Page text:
If you haven’t heard that the GED test will significantly change as of January 2014, chances are neither have your students. If previous test-takers have only passed certain sections of the test, they have until December 31st, 2013 to pass the remaining sections without having their scores invalidated due to the new regulations. It’s important that your students learn about how the changes will impact them so they may plan accordingly.
After the partnering of ACE with Pearson VUE, the newly formed for-profit GED Testing Service developed the new GED Test for computers. This test contains more rigorous content to better reflect the expectations of current high school graduates. The content was created in accordance to the Common Core State Standards that have been adopted by 45 states thus far.
The GED Testing Service decided to switch from paper to digital to better prepare test-takers for life after the GED and equip them with basic computer literacy skills. Now that the 10 largest employers in the U. S. now use an online job application, it’s clear that adults looking for work must have a minimum of a high school diploma or its equivalency and be computer literate.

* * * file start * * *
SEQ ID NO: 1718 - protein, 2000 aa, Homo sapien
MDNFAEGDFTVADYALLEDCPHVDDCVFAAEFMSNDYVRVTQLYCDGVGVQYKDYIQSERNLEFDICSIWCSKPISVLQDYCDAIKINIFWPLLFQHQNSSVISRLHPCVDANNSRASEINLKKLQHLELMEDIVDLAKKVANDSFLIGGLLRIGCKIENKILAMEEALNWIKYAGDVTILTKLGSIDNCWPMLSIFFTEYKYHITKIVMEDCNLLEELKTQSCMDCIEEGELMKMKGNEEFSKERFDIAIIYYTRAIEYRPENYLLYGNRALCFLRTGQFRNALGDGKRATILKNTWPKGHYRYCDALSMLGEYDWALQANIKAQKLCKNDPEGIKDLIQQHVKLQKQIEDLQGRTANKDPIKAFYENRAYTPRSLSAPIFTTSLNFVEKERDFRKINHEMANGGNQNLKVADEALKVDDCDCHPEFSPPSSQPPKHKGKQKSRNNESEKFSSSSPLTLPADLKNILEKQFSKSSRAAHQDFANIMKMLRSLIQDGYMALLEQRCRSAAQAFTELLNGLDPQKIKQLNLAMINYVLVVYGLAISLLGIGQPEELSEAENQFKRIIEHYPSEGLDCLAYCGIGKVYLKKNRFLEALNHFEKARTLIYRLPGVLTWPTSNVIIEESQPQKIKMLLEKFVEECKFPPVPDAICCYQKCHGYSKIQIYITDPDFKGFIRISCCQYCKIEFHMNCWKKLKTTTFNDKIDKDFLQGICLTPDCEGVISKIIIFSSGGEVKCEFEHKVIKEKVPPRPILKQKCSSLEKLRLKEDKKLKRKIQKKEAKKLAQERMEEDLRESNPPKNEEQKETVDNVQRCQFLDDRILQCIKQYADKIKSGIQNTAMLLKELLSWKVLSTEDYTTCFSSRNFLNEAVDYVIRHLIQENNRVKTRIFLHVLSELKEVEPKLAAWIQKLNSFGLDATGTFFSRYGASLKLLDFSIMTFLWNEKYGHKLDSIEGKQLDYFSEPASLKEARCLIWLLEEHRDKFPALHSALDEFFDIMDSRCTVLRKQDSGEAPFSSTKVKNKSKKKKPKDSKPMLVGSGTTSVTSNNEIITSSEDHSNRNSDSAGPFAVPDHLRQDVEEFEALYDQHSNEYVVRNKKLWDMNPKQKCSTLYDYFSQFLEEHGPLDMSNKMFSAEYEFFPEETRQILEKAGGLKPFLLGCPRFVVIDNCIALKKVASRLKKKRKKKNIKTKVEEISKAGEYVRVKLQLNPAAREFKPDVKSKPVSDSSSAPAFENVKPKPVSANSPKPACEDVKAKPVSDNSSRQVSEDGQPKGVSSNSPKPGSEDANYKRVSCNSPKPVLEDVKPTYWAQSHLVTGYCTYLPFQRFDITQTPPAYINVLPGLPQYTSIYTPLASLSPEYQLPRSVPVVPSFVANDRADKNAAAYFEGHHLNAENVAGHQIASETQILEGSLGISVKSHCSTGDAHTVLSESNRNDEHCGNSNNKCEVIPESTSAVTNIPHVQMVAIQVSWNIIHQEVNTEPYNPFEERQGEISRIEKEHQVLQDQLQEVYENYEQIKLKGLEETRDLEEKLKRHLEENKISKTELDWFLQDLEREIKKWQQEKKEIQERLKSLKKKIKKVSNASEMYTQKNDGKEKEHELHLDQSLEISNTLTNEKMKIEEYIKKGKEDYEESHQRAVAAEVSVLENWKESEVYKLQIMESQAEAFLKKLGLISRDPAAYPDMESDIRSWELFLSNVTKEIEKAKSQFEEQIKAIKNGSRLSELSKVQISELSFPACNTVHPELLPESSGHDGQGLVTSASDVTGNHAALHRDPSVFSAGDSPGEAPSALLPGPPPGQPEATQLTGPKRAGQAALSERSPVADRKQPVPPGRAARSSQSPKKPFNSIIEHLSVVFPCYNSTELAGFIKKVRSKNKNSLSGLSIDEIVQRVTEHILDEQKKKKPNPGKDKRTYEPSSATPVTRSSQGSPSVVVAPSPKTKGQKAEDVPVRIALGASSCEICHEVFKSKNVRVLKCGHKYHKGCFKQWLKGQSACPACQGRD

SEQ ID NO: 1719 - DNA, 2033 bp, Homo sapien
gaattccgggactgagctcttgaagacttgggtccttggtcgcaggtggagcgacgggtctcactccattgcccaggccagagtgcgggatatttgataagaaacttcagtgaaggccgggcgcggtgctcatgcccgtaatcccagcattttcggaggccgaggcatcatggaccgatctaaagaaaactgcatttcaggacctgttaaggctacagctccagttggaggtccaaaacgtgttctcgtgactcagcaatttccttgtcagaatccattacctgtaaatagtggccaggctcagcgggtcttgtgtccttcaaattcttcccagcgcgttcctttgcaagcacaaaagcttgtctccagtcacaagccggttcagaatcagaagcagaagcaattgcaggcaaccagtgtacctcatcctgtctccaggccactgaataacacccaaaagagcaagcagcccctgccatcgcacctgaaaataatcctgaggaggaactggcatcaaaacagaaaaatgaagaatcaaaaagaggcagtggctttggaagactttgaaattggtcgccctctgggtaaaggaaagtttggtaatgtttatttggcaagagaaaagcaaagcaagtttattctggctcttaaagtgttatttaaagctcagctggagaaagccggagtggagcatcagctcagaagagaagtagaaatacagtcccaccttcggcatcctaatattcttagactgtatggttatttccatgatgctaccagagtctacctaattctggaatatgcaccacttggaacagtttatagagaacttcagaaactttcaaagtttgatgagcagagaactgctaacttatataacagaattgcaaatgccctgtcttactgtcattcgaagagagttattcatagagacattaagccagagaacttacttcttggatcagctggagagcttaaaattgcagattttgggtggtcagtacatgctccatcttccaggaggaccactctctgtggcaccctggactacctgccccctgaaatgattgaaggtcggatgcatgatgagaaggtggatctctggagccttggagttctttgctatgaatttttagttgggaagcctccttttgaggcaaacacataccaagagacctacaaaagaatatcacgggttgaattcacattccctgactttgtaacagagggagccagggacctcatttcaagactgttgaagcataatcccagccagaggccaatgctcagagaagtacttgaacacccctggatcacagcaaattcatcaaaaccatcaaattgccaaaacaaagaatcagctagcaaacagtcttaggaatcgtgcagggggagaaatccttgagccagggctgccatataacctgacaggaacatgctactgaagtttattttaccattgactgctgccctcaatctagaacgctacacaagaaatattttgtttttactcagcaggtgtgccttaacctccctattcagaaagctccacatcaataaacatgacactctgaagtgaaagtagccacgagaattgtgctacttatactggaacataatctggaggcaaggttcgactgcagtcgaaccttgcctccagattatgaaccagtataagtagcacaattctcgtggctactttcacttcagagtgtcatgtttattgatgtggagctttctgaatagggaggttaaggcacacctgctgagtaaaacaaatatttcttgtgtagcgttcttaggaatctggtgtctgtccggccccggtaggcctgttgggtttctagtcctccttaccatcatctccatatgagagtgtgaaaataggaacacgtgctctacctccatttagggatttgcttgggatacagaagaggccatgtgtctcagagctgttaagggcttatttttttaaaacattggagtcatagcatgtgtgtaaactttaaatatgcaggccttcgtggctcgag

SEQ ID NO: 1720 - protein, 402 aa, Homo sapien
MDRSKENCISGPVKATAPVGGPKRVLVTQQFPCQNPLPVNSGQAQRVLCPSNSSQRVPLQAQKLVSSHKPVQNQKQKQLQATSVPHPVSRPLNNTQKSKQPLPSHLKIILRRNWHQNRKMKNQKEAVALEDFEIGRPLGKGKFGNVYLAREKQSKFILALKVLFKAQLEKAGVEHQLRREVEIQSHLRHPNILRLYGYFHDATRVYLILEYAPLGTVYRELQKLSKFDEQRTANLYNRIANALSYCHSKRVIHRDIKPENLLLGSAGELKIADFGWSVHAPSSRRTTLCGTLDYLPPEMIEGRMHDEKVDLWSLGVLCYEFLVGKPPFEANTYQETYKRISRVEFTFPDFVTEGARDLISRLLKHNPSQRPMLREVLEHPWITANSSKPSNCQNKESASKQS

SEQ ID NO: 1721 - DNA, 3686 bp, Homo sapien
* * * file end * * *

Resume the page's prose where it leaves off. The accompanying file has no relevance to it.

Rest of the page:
There is a lot of debate whether the new test will be too difficult for test-takers, both in terms of content changes and the switch to digital testing. With a strong focus on algebra in the math section, some speculators argue against the changes in content. Others worry that test-takers with lower-level typing skills will be at a disadvantage and unprepared to type an essay in the allotted time. These obstacles will prevent able test-takers to pass the GED simply due to the new testing method.
The GED Test for computers will remain the same pricing at $120, at least through the end of 2014. The $120 includes registration, more flexible scheduling, instant unofficial results, new mobile study apps, and new college and career readiness reports. The length of the test will also remain the same at 7 hours. Although the test will remain the same for test-takers, the price to administer the test will increase from $60 to $120 per test-taker. In states that prohibit fees for GED test-takers, additional funding must be allotted to GED programs. Without additional funding, the GED test changes could potentially block those seeking to take the exam. In addition to the doubling of the cost of test administration, Pearson-certified testing centers will be less abundant under the new regulations, making testing sites less accessible.
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